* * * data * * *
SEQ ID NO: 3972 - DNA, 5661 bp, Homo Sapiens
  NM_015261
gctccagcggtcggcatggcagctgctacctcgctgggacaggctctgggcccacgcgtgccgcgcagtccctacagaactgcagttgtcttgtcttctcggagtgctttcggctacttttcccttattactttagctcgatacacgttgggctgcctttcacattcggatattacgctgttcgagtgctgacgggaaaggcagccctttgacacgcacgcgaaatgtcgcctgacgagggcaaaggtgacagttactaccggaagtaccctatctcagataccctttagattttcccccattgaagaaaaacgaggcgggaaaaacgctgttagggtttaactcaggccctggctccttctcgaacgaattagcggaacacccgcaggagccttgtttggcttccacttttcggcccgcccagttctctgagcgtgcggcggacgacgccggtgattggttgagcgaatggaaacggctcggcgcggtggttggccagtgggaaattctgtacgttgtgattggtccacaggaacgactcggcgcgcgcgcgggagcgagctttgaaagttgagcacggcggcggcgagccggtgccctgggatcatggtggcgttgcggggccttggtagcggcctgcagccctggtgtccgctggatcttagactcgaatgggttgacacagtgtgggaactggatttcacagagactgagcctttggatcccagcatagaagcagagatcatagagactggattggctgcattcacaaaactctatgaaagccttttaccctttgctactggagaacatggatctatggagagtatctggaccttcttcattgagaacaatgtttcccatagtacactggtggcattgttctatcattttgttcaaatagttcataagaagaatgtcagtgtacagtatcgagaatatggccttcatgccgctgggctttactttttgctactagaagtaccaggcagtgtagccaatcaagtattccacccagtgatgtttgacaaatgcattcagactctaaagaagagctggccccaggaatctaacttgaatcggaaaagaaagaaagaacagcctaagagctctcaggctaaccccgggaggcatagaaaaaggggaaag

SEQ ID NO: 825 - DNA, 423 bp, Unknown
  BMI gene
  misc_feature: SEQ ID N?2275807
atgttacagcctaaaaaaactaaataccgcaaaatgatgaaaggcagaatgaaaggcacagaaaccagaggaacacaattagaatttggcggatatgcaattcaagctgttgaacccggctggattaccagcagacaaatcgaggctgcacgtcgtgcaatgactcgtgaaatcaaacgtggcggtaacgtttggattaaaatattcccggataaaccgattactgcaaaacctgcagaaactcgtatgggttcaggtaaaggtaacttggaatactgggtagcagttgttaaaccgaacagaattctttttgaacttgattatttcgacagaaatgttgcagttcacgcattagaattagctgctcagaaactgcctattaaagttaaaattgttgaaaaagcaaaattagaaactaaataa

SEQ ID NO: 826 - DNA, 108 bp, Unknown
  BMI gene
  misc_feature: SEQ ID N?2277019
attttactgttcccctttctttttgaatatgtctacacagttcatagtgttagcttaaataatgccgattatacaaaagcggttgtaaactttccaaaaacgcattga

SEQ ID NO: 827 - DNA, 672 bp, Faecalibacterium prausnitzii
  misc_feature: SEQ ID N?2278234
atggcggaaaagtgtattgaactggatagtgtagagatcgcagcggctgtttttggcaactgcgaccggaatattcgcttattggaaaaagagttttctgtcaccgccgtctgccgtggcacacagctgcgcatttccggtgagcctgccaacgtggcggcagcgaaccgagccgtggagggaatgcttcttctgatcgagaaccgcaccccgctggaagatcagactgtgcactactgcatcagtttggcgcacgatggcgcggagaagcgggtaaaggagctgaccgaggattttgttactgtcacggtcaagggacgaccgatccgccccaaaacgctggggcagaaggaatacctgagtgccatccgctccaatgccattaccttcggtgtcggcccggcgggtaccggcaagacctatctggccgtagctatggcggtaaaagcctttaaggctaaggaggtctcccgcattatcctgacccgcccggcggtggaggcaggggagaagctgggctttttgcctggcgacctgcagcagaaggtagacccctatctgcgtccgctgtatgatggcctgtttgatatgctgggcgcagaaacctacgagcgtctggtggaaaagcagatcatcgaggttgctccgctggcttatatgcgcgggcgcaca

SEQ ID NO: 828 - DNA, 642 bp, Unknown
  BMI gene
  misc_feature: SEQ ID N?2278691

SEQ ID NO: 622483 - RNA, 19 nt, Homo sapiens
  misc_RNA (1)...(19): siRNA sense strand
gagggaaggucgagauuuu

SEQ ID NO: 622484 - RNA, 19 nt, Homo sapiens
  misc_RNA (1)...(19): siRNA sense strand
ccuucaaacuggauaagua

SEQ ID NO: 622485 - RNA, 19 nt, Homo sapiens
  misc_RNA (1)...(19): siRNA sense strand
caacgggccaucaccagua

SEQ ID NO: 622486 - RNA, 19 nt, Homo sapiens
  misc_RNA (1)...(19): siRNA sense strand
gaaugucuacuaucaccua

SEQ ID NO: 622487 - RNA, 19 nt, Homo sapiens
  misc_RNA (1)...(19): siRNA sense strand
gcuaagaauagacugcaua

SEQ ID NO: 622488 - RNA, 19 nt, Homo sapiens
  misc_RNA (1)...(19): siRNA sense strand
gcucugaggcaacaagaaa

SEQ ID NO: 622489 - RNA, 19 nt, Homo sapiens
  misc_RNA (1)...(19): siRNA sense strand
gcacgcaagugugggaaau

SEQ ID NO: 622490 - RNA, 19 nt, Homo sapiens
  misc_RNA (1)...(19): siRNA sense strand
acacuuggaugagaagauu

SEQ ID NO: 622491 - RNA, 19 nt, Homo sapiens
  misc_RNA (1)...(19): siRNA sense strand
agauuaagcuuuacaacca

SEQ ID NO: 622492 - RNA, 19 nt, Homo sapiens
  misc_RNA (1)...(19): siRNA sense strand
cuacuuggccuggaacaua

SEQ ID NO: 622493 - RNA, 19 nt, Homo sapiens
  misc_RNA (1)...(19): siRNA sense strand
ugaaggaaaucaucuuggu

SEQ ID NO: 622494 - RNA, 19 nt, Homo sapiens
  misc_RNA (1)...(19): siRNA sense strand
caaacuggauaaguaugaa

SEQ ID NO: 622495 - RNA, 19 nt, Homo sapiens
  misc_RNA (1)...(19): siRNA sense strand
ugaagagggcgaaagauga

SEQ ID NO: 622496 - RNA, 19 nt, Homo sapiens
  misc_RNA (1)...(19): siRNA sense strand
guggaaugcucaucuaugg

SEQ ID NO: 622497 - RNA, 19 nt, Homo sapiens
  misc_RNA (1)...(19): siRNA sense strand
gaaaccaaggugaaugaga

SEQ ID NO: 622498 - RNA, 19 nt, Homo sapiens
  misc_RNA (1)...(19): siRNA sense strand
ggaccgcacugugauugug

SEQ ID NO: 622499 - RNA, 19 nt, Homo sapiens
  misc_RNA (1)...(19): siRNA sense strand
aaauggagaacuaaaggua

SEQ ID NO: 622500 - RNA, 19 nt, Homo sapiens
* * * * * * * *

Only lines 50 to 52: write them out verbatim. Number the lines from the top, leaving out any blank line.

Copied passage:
ugaaggaaaucaucuuggu

SEQ ID NO: 622494 - RNA, 19 nt, Homo sapiens
  misc_RNA (1)...(19): siRNA sense strand